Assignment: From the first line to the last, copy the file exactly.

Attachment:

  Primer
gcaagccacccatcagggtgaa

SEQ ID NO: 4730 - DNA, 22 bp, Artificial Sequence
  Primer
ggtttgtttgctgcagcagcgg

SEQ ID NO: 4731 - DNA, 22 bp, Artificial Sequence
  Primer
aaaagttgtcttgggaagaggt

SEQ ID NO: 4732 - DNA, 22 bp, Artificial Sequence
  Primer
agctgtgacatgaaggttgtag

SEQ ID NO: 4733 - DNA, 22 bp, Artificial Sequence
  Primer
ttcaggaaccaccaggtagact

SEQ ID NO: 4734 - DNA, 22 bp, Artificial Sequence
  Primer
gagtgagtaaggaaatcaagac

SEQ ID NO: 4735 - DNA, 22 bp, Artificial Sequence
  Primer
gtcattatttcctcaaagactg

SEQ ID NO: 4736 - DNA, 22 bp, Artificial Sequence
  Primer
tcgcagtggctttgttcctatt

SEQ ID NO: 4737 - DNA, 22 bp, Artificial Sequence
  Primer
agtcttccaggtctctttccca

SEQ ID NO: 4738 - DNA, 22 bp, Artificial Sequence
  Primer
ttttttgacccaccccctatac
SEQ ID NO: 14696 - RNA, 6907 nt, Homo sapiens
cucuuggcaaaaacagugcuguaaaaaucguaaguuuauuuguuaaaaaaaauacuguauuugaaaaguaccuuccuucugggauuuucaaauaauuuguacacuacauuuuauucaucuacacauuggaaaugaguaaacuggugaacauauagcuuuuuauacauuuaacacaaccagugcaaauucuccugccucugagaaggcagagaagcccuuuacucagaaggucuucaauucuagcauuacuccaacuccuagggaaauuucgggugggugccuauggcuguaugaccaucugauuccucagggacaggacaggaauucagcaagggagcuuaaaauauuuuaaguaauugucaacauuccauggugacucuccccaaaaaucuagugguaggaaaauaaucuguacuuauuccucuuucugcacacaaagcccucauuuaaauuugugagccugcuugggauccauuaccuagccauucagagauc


  Primer
gcaagccacccatcagggtgaa

SEQ ID NO: 4730 - DNA, 22 bp, Artificial Sequence
  Primer
ggtttgtttgctgcagcagcgg

SEQ ID NO: 4731 - DNA, 22 bp, Artificial Sequence
  Primer
aaaagttgtcttgggaagaggt

SEQ ID NO: 4732 - DNA, 22 bp, Artificial Sequence
  Primer
agctgtgacatgaaggttgtag

SEQ ID NO: 4733 - DNA, 22 bp, Artificial Sequence
  Primer
ttcaggaaccaccaggtagact

SEQ ID NO: 4734 - DNA, 22 bp, Artificial Sequence
  Primer
gagtgagtaaggaaatcaagac

SEQ ID NO: 4735 - DNA, 22 bp, Artificial Sequence
  Primer
gtcattatttcctcaaagactg

SEQ ID NO: 4736 - DNA, 22 bp, Artificial Sequence
  Primer
tcgcagtggctttgttcctatt

SEQ ID NO: 4737 - DNA, 22 bp, Artificial Sequence
  Primer
agtcttccaggtctctttccca

SEQ ID NO: 4738 - DNA, 22 bp, Artificial Sequence
  Primer
ttttttgacccaccccctatac
SEQ ID NO: 14696 - RNA, 6907 nt, Homo sapiens
cucuuggcaaaaacagugcuguaaaaaucguaaguuuauuuguuaaaaaaaauacuguauuugaaaaguaccuuccuucugggauuuucaaauaauuuguacacuacauuuuauucaucuacacauuggaaaugaguaaacuggugaacauauagcuuuuuauacauuuaacacaaccagugcaaauucuccugccucugagaaggcagagaagcccuuuacucagaaggucuucaauucuagcauuacuccaacuccuagggaaauuucgggugggugccuauggcuguaugaccaucugauuccucagggacaggacaggaauucagcaagggagcuuaaaauauuuuaaguaauugucaacauuccauggugacucuccccaaaaaucuagugguaggaaaauaaucuguacuuauuccucuuucugcacacaaagcccucauuuaaauuugugagccugcuugggauccauuaccuagccauucagagauc